The Scientist

» proteins and ecology

Most Recent

image: Genghis Jon

Genghis Jon

By | February 1, 2012

By helping Mongolians cultivate an understanding of their native insect fauna, scientists hope to protect the country's unique yet fragile ecosystems.

1 Comment

image: Reading Tea Leaves

Reading Tea Leaves

By | February 1, 2012

Cyclic peptides, discovered in an African tea used to speed labor and delivery, may hold potential as drug-stabilizing scaffolds, antibiotics, and anticancer drugs.

3 Comments

image: Swarming Mongolia

Swarming Mongolia

By | February 1, 2012

For the past decade and a half, a crew of about 20 entomologists, water ecologists, and other specialists converges on the shorelines of Mongolia’s lakes, rivers, and streams, just when swarms of aquatic insects do the same.

0 Comments

image: The View From Above

The View From Above

By | February 1, 2012

Satellite imagery is giving biologists a whole new perspective on the phenomena they study.

0 Comments

image: Dengue-resistance Spreads in Mosquitoes

Dengue-resistance Spreads in Mosquitoes

By | January 11, 2012

Researchers engineer a bacterium that can arm the majority of the insect population with dengue resistance, and stop the virus’s spread to humans.

3 Comments

image: Capsule Reviews

Capsule Reviews

By | January 1, 2012

Our Dying Planet, Here Be Dragons, Rat Island, Harnessed

0 Comments

Contributors

January 1, 2012

Meet some of the people featured in the January 2012 issue of The Scientist.

0 Comments

image: Speaking of Science

Speaking of Science

By | January 1, 2012

January 2012's selection of notable quotes

3 Comments

image: Magnetic Swimmers Cultured

Magnetic Swimmers Cultured

By | December 22, 2011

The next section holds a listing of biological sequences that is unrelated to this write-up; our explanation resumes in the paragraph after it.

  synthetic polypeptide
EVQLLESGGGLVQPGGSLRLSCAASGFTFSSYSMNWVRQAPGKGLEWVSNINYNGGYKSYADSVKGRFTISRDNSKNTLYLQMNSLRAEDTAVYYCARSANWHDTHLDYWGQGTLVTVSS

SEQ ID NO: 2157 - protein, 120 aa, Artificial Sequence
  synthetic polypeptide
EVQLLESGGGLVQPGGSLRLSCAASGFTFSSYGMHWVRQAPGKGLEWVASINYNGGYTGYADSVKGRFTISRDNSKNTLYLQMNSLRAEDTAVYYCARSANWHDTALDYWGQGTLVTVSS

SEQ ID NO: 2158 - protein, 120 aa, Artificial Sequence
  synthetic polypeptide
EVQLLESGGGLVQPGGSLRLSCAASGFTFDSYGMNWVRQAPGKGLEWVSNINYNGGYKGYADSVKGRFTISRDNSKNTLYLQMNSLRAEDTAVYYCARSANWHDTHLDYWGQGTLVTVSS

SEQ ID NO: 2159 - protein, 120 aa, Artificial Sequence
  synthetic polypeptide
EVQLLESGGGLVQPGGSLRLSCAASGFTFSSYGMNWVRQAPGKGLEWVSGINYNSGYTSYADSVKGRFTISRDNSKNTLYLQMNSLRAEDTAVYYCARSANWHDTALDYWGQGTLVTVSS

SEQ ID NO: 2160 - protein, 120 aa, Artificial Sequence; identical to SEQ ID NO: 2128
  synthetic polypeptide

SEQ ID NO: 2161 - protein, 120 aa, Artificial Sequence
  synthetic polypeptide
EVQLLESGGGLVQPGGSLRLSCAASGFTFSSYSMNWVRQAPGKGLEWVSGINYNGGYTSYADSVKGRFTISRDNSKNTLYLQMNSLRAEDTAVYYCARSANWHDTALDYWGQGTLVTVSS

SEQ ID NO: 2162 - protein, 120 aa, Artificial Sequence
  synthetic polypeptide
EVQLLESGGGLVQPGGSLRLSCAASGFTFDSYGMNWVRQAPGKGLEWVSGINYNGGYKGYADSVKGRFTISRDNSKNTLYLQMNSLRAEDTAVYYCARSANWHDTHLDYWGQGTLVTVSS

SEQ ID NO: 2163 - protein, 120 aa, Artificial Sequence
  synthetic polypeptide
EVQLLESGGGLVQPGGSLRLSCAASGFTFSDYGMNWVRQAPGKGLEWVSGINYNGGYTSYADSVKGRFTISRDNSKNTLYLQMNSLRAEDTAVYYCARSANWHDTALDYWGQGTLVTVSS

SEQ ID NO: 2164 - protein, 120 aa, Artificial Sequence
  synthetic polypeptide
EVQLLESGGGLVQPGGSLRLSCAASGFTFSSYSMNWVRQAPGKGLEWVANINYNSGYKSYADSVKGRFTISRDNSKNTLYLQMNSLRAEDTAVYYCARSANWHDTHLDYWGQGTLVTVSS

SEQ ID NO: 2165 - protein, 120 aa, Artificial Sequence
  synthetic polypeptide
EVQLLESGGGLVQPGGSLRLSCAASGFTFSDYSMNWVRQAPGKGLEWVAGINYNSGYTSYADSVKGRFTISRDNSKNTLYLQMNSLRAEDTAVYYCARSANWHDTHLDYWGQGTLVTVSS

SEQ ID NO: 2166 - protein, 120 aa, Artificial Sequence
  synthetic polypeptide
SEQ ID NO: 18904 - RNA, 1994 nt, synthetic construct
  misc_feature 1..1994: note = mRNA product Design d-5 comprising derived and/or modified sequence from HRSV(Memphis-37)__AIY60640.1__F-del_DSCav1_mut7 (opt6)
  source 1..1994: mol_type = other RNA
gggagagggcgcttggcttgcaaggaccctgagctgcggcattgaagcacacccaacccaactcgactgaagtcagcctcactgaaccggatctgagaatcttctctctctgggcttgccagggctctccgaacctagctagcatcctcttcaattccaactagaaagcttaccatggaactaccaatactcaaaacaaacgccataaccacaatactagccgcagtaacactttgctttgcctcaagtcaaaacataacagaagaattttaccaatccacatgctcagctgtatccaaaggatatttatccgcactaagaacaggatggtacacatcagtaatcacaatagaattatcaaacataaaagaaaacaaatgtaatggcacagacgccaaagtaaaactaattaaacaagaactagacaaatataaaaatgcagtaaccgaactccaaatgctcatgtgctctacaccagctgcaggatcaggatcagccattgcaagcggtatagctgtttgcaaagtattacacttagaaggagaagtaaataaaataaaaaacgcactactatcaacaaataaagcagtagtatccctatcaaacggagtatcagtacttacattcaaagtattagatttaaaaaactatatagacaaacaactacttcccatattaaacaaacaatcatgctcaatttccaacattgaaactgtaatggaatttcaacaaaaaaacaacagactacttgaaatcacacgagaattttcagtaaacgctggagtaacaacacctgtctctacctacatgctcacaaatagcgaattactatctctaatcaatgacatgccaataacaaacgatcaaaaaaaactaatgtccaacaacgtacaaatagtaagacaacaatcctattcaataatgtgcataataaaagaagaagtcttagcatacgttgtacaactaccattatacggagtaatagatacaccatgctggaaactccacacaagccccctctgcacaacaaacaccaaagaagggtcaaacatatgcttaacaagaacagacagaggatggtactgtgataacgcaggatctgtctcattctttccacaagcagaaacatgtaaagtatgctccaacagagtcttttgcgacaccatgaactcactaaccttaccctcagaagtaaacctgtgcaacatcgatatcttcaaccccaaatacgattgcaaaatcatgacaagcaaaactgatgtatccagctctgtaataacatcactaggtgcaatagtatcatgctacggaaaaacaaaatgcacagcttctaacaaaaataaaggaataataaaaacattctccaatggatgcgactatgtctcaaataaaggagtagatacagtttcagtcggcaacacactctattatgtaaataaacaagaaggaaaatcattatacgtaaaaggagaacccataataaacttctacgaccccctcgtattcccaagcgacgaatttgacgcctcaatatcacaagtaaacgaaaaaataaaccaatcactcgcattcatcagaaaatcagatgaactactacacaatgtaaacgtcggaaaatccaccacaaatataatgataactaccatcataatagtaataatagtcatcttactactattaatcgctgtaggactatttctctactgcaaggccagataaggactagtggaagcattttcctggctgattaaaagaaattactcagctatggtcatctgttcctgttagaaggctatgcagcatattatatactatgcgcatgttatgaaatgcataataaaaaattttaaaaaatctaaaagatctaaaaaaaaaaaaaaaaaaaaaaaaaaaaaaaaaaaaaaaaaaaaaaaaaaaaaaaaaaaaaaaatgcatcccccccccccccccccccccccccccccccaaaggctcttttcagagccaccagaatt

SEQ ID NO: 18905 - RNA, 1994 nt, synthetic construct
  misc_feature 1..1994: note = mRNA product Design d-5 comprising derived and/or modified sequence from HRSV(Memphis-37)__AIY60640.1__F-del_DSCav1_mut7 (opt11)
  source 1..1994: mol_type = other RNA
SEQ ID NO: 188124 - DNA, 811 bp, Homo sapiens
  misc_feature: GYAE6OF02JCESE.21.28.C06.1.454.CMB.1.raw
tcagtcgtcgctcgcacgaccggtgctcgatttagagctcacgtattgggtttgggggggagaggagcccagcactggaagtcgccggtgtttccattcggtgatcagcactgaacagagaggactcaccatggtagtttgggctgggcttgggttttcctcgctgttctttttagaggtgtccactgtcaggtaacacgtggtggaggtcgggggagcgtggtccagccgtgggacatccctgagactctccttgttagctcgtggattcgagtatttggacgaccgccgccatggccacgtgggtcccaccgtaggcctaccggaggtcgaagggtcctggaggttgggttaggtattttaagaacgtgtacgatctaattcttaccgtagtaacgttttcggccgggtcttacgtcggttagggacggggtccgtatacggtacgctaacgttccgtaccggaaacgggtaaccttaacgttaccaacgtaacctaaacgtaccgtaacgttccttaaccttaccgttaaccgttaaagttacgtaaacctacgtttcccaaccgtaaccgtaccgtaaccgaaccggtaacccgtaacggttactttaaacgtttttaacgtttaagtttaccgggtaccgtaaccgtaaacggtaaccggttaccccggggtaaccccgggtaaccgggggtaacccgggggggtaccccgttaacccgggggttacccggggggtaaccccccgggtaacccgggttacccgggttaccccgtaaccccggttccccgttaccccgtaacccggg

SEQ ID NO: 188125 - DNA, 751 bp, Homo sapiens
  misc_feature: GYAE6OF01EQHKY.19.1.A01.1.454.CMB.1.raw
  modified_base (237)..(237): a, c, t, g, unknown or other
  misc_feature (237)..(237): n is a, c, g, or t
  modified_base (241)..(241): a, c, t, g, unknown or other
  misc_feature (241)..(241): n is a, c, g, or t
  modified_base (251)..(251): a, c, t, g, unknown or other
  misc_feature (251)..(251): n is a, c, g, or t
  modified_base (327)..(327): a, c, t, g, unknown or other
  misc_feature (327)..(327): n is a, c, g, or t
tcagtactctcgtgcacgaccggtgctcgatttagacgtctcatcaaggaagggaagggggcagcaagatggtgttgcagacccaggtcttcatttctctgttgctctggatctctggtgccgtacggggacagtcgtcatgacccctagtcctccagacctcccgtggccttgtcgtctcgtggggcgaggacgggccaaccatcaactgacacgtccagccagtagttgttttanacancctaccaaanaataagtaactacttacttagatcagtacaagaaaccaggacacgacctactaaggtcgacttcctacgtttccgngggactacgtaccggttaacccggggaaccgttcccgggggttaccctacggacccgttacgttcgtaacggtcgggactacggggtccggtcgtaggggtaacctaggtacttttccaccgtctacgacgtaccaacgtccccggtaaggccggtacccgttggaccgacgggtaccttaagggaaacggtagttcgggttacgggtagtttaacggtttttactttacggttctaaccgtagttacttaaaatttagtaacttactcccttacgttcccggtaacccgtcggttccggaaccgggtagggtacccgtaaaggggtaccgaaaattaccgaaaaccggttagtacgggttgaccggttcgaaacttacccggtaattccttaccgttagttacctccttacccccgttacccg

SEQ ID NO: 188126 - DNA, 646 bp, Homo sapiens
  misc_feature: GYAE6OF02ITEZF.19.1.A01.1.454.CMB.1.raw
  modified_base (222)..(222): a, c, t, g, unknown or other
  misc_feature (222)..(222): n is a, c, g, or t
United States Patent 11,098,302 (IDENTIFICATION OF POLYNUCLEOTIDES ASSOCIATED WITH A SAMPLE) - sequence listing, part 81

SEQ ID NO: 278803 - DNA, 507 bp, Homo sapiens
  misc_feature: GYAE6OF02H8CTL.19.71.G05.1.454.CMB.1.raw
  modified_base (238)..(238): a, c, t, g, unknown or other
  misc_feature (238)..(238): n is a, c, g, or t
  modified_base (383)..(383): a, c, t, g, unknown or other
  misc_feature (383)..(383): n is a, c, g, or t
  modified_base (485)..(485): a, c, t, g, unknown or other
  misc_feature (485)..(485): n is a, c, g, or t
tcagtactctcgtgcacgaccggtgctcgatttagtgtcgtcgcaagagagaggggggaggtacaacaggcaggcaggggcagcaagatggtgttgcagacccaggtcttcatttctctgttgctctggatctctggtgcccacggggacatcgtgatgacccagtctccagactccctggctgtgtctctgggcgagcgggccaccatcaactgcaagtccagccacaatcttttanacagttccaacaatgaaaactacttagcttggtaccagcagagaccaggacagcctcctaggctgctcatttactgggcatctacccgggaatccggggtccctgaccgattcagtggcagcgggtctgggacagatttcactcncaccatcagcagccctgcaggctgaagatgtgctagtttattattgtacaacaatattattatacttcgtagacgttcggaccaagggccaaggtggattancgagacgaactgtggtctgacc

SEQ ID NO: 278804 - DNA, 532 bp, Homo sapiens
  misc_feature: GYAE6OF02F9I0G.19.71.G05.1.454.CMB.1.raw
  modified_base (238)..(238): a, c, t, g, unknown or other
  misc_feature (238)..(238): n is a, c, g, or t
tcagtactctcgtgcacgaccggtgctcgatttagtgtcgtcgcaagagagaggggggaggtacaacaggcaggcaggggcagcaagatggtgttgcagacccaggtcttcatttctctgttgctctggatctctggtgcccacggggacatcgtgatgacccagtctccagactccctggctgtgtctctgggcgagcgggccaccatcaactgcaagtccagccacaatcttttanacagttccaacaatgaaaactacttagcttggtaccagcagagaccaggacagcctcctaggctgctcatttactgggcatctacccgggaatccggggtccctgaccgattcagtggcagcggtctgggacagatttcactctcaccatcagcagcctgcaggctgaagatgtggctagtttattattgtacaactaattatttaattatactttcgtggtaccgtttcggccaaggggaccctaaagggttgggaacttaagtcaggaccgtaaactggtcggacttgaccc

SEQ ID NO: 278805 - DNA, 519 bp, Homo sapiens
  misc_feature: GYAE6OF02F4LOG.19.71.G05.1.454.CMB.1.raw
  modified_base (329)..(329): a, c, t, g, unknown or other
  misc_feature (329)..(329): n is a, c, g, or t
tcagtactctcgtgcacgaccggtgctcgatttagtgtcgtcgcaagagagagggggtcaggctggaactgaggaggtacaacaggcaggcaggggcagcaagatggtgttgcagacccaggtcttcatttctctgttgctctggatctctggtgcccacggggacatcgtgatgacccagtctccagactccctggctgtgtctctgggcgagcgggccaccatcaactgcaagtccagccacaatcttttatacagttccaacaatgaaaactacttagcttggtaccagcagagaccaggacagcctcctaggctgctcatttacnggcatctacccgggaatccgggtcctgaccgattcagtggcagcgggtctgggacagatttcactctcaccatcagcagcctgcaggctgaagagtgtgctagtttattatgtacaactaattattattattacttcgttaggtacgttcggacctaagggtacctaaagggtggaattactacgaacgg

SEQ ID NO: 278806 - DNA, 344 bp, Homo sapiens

For the first time, researchers culture a bacteria that uses a magnetic sulfide compound to navigate.

3 Comments

image: Monkeys Track Radiation

Monkeys Track Radiation

By | December 16, 2011

Scientists near the Fukushima plant are equipping wild monkeys with radiation collars to get better sense of their exposure in the wild.

6 Comments

Popular Now

  1. UC Berkeley Receives CRISPR Patent in Europe
    Daily News UC Berkeley Receives CRISPR Patent in Europe

    The European Patent Office will grant patent rights over the use of CRISPR in all cell types to a University of California team, contrasting with a recent decision in the U.S.

  2. DNA Replication Errors Contribute to Cancer Risk
  3. Should Healthy People Have Their Exomes Sequenced?
    Daily News Should Healthy People Have Their Exomes Sequenced?

    With its announced launch of a whole-exome sequencing service for apparently healthy individuals, Ambry Genetics is the latest company to enter this growing market. But whether these services are useful for most people remains up for debate.  

  4. Rethinking a Cancer Drug Target
    Daily News Rethinking a Cancer Drug Target

    The results of a CRISPR-Cas9 study suggest that MELK—a protein thought to play a critical role in cancer—is not necessary for cancer cell survival.

Business Birmingham